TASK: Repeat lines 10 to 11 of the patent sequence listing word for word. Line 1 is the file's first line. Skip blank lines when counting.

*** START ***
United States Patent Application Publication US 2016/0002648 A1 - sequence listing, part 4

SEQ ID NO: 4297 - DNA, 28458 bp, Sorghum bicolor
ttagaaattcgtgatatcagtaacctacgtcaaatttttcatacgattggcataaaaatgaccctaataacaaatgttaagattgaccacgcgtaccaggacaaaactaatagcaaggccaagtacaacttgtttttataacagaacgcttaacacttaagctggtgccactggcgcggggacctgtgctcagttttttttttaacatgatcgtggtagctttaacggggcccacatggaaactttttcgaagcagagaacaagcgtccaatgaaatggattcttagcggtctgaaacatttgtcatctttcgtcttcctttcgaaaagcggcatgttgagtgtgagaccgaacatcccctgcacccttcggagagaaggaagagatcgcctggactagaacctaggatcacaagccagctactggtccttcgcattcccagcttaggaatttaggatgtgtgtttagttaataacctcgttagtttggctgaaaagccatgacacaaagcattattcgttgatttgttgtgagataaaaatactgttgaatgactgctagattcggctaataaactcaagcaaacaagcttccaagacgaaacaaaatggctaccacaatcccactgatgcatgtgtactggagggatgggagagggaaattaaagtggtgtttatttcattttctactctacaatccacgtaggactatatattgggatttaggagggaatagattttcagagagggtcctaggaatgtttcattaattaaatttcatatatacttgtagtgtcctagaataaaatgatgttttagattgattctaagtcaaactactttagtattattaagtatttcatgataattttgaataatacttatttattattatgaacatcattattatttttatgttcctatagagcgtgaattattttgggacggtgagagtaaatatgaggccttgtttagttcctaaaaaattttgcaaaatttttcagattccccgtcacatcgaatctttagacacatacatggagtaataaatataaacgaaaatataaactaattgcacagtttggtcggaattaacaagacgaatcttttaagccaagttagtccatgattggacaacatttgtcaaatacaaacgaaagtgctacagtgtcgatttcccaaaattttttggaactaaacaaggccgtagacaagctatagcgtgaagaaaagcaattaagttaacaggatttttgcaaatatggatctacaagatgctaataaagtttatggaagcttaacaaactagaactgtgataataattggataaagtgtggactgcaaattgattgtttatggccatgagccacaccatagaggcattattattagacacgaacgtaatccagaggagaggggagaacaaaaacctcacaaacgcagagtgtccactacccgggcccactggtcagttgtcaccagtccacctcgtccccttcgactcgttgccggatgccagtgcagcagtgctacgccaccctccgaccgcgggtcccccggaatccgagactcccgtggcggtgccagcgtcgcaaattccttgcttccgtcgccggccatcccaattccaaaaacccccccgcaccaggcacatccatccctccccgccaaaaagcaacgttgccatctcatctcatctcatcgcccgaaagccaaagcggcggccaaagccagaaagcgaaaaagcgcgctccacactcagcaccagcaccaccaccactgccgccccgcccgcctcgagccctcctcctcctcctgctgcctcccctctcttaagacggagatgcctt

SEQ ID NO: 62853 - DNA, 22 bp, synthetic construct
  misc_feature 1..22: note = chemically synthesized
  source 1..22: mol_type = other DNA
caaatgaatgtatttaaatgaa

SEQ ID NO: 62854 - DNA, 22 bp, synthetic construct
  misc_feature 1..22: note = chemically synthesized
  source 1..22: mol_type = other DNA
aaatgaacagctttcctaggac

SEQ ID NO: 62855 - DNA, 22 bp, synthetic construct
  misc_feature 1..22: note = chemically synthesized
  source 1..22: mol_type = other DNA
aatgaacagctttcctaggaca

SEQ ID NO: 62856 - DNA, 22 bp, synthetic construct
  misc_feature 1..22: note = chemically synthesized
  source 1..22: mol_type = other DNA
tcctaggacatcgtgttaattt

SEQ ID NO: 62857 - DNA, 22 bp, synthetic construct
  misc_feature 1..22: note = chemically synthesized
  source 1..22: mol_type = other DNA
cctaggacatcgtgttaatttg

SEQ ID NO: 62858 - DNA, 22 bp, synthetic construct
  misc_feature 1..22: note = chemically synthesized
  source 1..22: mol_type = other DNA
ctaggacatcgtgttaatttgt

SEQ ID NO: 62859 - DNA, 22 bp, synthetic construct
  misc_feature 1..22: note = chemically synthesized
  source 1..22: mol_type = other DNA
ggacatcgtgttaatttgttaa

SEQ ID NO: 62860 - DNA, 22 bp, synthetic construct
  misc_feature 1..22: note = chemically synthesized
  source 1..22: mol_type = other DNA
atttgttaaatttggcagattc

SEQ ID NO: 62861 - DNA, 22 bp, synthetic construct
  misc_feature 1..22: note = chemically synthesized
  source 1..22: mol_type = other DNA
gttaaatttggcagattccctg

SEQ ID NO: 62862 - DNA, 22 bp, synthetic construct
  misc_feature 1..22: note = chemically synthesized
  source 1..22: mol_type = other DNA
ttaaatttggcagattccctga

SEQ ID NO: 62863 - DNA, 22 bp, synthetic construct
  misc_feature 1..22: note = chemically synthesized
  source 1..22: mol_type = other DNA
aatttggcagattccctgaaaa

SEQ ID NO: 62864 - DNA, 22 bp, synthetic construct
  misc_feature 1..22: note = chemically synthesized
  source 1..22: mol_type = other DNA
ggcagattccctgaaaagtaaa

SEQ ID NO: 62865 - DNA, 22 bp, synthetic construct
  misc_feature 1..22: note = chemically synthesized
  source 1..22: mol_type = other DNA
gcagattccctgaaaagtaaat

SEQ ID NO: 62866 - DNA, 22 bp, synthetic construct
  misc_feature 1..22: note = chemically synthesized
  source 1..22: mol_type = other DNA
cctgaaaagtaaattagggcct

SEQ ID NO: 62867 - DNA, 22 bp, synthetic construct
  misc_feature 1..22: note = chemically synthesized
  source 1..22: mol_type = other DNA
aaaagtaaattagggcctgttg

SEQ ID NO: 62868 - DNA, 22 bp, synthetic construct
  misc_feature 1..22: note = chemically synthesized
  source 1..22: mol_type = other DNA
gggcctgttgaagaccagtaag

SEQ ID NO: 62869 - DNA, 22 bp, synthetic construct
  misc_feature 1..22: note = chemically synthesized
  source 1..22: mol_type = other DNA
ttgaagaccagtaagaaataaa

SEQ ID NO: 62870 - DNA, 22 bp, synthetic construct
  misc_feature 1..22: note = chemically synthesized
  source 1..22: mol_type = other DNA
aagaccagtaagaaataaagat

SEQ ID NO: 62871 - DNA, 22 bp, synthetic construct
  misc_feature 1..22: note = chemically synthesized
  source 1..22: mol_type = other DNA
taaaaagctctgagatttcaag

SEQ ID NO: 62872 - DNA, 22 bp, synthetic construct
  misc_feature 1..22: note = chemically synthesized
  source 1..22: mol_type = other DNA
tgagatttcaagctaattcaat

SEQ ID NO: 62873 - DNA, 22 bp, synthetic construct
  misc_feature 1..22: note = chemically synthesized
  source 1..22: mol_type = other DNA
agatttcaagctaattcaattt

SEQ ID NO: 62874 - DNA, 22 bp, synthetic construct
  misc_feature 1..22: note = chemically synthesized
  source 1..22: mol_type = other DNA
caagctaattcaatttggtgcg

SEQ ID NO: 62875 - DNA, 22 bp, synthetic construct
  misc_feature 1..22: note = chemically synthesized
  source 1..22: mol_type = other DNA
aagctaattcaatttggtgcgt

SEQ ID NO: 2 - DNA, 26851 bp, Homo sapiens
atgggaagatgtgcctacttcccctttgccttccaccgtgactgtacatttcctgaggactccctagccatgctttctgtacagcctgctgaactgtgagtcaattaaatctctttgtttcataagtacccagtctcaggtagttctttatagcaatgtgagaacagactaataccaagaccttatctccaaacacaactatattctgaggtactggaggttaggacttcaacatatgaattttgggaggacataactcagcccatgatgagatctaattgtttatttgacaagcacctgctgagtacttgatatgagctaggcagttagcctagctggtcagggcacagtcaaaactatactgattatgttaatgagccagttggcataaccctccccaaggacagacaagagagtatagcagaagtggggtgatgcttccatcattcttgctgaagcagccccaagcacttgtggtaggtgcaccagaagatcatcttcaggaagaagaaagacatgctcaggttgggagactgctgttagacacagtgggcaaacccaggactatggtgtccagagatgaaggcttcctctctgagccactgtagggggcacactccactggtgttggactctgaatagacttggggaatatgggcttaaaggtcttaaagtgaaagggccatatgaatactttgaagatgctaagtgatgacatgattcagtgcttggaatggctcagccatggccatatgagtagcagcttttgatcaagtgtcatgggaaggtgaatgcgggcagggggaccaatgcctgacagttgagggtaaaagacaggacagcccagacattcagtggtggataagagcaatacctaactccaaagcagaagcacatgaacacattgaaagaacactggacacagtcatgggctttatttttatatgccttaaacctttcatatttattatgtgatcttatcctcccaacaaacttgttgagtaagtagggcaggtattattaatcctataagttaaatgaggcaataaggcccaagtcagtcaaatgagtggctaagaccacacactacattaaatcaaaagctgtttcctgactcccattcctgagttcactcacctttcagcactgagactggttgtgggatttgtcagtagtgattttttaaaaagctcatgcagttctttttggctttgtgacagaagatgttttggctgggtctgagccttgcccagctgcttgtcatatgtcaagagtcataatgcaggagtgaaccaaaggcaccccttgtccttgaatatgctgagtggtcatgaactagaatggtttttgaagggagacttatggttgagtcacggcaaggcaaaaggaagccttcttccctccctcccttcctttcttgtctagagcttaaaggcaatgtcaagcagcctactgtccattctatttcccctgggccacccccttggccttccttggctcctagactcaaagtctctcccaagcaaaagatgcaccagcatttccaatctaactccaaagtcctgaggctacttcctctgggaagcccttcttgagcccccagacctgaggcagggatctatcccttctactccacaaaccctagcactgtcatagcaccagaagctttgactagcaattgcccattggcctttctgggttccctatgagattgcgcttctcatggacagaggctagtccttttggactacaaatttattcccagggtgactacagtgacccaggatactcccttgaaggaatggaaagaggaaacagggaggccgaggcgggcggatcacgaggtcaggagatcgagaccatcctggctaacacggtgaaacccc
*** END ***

  source 1..22: mol_type = other DNA
aaatgaacagctttcctaggac